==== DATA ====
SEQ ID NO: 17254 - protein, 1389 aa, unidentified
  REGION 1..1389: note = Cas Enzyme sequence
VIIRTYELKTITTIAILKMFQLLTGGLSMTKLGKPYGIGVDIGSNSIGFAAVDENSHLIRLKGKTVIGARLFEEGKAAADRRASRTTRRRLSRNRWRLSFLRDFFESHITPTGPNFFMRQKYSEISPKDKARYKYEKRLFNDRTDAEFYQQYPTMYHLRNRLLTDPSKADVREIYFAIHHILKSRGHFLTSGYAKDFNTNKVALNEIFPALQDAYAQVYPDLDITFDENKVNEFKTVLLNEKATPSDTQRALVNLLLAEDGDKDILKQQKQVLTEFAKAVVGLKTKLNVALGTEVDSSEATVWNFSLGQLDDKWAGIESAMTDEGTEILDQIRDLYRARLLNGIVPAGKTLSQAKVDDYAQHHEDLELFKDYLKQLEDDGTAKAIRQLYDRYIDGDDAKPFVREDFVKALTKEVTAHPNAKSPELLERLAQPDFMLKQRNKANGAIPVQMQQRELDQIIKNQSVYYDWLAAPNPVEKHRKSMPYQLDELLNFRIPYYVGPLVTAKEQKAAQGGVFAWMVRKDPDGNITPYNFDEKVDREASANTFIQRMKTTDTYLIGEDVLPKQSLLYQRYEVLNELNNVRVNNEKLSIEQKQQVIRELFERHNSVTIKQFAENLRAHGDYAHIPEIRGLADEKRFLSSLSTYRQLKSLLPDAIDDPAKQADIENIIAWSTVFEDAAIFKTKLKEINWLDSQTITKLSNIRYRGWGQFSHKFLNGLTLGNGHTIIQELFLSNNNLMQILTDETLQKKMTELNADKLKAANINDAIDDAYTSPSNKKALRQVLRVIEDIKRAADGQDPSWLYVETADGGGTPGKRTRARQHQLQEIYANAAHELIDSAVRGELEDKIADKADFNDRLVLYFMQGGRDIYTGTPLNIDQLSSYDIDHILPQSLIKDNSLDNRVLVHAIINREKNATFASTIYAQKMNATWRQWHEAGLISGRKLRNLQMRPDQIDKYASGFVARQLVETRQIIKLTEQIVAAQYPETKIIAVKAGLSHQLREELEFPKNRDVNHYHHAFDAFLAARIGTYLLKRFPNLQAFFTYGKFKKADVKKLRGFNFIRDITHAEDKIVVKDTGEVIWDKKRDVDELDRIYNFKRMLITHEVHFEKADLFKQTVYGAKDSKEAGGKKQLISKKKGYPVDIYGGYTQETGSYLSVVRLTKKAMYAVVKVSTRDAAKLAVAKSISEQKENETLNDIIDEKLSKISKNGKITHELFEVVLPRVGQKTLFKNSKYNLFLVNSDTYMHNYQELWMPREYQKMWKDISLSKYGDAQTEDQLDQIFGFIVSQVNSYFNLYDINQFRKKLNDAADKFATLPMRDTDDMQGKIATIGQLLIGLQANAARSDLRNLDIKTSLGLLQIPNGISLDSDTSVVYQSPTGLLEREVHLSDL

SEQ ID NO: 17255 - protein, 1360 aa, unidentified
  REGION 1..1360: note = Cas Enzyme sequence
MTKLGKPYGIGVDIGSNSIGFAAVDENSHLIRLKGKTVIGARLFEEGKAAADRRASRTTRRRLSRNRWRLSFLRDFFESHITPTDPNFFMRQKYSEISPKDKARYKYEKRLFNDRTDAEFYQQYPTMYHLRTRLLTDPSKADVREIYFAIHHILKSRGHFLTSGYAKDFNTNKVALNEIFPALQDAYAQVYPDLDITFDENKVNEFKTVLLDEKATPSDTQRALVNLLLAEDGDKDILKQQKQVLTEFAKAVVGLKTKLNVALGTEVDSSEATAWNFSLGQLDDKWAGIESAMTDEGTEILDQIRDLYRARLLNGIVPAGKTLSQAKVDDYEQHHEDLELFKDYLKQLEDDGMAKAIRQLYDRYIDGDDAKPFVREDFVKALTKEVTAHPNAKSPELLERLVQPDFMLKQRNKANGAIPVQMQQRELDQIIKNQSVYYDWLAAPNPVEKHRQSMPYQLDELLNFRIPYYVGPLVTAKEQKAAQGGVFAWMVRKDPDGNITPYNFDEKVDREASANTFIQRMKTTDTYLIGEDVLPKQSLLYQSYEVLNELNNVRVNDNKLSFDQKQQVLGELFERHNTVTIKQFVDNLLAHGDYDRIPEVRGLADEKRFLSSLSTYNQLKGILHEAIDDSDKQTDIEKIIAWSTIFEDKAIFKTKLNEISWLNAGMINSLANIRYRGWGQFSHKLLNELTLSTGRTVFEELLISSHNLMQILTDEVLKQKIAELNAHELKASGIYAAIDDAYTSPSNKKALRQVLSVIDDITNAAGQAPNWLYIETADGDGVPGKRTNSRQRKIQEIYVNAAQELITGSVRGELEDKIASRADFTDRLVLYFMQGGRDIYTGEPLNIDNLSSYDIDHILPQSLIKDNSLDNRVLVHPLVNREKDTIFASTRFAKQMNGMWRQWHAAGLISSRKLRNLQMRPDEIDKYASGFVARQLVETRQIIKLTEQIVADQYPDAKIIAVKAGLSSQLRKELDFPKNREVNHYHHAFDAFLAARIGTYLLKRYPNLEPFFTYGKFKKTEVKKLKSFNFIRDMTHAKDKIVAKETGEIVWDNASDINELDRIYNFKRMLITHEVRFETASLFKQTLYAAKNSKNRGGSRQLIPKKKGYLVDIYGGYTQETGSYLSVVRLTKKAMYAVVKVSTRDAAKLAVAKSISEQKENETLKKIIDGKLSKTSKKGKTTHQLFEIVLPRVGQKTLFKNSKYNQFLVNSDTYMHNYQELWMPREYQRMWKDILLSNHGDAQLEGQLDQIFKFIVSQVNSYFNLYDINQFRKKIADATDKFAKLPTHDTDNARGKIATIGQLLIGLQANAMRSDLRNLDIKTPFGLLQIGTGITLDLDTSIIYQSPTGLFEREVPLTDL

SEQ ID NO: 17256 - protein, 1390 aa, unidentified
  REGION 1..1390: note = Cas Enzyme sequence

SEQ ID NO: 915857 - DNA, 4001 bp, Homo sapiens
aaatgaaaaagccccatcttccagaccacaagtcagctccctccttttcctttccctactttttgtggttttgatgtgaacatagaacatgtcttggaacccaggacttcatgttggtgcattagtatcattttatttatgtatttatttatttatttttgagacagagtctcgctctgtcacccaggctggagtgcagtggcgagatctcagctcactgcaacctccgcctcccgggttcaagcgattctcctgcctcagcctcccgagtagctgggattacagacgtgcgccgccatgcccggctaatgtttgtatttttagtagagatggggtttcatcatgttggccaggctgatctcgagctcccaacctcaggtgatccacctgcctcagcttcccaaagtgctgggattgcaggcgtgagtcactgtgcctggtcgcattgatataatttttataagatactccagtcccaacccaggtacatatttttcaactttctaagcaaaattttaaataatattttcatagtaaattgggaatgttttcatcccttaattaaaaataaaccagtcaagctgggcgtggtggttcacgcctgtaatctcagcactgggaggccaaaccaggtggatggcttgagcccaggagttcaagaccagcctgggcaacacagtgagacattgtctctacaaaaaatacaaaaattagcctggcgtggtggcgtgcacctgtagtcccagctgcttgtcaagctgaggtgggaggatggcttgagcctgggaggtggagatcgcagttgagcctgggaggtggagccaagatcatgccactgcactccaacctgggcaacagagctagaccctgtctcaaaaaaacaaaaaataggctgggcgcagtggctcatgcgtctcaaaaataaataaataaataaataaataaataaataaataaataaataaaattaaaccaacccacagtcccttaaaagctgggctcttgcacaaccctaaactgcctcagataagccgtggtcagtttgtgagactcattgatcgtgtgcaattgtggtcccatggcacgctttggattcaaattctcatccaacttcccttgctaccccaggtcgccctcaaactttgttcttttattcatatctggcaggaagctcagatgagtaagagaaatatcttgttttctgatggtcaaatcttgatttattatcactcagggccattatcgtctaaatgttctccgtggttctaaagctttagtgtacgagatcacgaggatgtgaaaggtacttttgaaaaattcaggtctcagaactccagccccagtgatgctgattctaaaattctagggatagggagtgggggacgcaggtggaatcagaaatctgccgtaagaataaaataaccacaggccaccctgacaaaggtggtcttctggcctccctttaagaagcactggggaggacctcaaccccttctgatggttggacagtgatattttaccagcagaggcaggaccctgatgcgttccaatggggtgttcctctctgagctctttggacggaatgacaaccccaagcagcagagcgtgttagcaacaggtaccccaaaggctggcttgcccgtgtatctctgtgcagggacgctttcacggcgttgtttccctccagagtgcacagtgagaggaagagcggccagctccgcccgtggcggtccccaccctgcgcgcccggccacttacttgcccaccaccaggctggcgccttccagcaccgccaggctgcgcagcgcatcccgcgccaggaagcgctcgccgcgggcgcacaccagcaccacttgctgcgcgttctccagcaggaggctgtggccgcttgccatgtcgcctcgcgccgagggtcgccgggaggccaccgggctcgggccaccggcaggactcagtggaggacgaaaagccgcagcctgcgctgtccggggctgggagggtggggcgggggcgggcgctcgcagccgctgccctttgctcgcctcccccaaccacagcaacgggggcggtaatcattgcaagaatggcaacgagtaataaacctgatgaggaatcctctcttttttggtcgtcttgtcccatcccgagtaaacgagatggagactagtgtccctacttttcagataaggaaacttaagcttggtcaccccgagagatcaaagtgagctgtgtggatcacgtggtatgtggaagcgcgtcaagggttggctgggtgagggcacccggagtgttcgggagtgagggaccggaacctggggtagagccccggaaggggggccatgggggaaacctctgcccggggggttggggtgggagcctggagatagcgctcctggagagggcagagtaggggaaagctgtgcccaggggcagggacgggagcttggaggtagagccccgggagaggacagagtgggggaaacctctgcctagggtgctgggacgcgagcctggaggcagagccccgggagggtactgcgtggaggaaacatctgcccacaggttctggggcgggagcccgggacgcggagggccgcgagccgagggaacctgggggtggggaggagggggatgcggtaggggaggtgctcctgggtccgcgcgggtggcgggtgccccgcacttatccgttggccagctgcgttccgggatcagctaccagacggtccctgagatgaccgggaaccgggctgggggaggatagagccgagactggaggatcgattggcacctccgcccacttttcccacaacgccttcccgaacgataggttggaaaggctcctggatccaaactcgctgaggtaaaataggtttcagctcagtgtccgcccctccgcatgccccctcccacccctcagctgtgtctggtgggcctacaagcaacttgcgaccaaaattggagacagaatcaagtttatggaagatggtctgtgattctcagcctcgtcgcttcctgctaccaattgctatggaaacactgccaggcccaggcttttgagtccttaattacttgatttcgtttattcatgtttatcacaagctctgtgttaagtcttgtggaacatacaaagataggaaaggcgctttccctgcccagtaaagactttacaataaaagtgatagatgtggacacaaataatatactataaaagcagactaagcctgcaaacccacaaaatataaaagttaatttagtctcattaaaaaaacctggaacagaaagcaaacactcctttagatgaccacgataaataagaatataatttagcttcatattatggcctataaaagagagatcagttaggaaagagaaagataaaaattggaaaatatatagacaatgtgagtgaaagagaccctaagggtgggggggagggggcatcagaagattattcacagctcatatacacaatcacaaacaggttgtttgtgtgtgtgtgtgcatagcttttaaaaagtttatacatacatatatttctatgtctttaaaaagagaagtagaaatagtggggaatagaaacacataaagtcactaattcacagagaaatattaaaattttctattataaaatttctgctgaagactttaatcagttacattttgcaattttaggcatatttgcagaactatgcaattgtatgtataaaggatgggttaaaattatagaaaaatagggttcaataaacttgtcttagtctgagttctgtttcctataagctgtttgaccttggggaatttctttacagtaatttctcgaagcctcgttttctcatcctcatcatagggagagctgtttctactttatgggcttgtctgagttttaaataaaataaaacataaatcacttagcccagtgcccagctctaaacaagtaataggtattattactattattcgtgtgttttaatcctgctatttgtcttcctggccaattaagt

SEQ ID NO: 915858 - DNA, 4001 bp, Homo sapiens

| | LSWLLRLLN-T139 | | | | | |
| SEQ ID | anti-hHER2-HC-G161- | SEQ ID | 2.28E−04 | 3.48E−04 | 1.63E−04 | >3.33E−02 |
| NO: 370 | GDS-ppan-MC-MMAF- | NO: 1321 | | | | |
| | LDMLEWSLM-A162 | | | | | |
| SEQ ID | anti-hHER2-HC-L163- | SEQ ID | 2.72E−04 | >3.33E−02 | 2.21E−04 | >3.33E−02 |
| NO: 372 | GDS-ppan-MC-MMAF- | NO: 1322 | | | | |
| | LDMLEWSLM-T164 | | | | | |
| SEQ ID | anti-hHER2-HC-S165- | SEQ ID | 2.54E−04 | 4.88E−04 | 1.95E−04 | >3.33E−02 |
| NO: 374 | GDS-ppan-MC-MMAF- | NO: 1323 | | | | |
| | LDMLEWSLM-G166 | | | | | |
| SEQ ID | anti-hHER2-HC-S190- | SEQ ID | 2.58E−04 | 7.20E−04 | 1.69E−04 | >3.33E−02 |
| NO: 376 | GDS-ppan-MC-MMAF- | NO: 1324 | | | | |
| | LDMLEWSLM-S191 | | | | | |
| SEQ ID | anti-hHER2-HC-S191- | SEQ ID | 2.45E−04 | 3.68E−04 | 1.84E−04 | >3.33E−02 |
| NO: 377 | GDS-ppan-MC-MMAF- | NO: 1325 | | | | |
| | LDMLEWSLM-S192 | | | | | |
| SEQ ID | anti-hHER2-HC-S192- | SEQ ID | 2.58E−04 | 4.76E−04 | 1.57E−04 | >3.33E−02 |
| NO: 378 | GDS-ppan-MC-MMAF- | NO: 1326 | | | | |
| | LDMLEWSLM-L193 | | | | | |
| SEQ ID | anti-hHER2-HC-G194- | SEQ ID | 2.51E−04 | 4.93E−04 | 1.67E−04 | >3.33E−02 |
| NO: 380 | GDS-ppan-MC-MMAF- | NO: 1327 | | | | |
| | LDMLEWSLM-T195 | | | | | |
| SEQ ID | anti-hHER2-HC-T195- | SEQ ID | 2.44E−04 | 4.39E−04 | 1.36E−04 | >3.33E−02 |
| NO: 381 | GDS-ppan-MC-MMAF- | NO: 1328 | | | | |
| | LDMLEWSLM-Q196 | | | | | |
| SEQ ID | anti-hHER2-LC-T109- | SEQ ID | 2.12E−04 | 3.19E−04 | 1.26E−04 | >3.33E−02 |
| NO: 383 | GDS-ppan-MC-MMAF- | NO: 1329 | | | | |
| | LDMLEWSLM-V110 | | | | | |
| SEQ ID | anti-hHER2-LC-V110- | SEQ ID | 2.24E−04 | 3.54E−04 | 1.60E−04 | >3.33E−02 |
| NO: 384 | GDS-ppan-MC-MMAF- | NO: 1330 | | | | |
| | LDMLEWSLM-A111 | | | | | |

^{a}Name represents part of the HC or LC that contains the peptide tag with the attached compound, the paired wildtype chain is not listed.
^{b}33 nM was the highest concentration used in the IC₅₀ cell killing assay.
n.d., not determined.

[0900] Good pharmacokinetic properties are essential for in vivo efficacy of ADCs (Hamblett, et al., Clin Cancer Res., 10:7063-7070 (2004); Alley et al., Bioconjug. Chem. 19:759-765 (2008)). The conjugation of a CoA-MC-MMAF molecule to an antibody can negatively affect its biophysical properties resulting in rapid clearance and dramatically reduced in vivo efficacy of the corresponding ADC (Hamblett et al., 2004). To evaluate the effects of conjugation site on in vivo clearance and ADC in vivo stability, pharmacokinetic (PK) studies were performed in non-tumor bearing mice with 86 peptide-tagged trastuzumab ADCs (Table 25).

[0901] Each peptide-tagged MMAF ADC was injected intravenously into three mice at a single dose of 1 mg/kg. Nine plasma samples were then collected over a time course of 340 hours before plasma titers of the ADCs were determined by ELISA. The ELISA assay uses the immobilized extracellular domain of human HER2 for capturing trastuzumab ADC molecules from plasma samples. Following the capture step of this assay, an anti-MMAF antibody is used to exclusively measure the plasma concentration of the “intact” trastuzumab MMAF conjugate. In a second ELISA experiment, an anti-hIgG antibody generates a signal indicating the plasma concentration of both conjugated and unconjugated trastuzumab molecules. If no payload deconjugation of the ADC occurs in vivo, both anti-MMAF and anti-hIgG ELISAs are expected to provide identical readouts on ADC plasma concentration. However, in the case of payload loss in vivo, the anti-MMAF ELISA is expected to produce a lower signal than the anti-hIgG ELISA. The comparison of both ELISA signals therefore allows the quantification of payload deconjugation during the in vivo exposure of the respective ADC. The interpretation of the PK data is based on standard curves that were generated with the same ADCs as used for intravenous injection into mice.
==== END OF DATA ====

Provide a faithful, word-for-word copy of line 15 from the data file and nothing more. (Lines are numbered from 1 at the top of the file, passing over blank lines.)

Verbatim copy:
| | LDMLEWSLM-A162 | | | | | |